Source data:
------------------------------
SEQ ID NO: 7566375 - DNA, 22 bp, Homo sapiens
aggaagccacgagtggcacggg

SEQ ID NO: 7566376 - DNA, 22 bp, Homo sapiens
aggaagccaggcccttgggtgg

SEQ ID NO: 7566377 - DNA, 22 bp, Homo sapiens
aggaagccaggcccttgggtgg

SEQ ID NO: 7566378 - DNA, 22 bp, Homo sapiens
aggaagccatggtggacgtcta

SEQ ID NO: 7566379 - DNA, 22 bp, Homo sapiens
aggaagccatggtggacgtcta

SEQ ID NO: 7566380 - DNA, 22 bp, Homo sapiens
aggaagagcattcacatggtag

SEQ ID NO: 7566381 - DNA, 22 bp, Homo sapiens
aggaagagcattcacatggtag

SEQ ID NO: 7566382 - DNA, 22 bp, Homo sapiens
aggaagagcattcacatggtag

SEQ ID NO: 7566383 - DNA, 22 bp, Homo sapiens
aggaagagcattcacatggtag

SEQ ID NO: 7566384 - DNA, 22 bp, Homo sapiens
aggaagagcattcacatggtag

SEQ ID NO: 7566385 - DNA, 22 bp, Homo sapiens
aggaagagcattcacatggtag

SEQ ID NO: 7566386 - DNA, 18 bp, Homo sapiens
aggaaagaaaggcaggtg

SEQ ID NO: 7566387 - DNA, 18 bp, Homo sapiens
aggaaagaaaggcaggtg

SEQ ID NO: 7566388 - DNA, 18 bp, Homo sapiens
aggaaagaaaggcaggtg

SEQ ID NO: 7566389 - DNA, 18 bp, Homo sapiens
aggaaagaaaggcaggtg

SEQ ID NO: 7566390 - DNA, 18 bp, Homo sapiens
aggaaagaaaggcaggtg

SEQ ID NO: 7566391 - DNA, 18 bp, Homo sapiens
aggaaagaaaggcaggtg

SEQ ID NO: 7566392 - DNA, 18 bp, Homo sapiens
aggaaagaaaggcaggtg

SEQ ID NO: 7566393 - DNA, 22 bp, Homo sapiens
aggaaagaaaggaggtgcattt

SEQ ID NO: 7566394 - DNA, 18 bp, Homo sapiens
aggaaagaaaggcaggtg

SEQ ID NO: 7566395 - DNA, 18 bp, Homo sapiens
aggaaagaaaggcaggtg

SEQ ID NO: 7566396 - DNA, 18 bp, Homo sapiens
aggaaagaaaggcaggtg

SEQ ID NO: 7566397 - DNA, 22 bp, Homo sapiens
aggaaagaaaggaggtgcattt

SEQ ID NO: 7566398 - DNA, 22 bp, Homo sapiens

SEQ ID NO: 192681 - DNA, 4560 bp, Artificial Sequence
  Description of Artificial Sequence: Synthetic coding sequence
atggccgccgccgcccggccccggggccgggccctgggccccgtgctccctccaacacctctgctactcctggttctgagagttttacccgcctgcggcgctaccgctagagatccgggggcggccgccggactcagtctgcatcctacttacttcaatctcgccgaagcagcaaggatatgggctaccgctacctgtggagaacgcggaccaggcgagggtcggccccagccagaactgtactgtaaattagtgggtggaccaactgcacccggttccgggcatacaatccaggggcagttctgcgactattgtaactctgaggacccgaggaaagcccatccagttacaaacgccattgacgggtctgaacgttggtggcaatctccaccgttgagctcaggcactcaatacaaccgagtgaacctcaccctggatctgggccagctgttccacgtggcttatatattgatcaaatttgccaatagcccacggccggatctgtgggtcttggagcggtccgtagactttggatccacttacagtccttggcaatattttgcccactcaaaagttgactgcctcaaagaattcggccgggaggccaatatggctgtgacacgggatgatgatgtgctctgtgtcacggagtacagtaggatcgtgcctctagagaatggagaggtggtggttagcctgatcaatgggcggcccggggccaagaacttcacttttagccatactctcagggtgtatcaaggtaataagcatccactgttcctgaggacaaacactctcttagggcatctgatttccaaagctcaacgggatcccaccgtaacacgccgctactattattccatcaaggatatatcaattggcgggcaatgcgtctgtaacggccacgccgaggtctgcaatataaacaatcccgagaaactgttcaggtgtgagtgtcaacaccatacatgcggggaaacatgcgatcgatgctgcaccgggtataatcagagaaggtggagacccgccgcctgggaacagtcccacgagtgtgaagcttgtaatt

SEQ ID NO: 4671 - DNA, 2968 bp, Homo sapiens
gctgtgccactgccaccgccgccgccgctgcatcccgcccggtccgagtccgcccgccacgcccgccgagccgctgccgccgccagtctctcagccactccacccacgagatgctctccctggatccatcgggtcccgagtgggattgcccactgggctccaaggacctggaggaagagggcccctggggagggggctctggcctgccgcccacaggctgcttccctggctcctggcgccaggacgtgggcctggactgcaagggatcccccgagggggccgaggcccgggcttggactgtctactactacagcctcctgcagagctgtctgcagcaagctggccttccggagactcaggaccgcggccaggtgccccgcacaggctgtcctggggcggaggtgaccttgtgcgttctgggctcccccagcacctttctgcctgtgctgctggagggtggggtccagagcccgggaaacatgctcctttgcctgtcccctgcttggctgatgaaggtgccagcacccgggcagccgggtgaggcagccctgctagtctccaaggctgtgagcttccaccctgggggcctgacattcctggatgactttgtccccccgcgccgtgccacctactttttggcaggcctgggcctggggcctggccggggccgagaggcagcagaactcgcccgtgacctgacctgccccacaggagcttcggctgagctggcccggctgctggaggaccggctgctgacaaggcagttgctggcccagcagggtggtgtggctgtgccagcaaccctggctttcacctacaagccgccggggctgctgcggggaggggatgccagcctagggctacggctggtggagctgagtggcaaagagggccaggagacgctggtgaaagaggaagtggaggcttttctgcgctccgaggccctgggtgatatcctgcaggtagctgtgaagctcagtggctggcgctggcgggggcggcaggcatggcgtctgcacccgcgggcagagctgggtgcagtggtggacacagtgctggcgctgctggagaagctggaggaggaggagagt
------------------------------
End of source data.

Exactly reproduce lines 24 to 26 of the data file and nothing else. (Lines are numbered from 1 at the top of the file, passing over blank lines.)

aggaaagaaaggcaggtg

SEQ ID NO: 7566387 - DNA, 18 bp, Homo sapiens
aggaaagaaaggcaggtg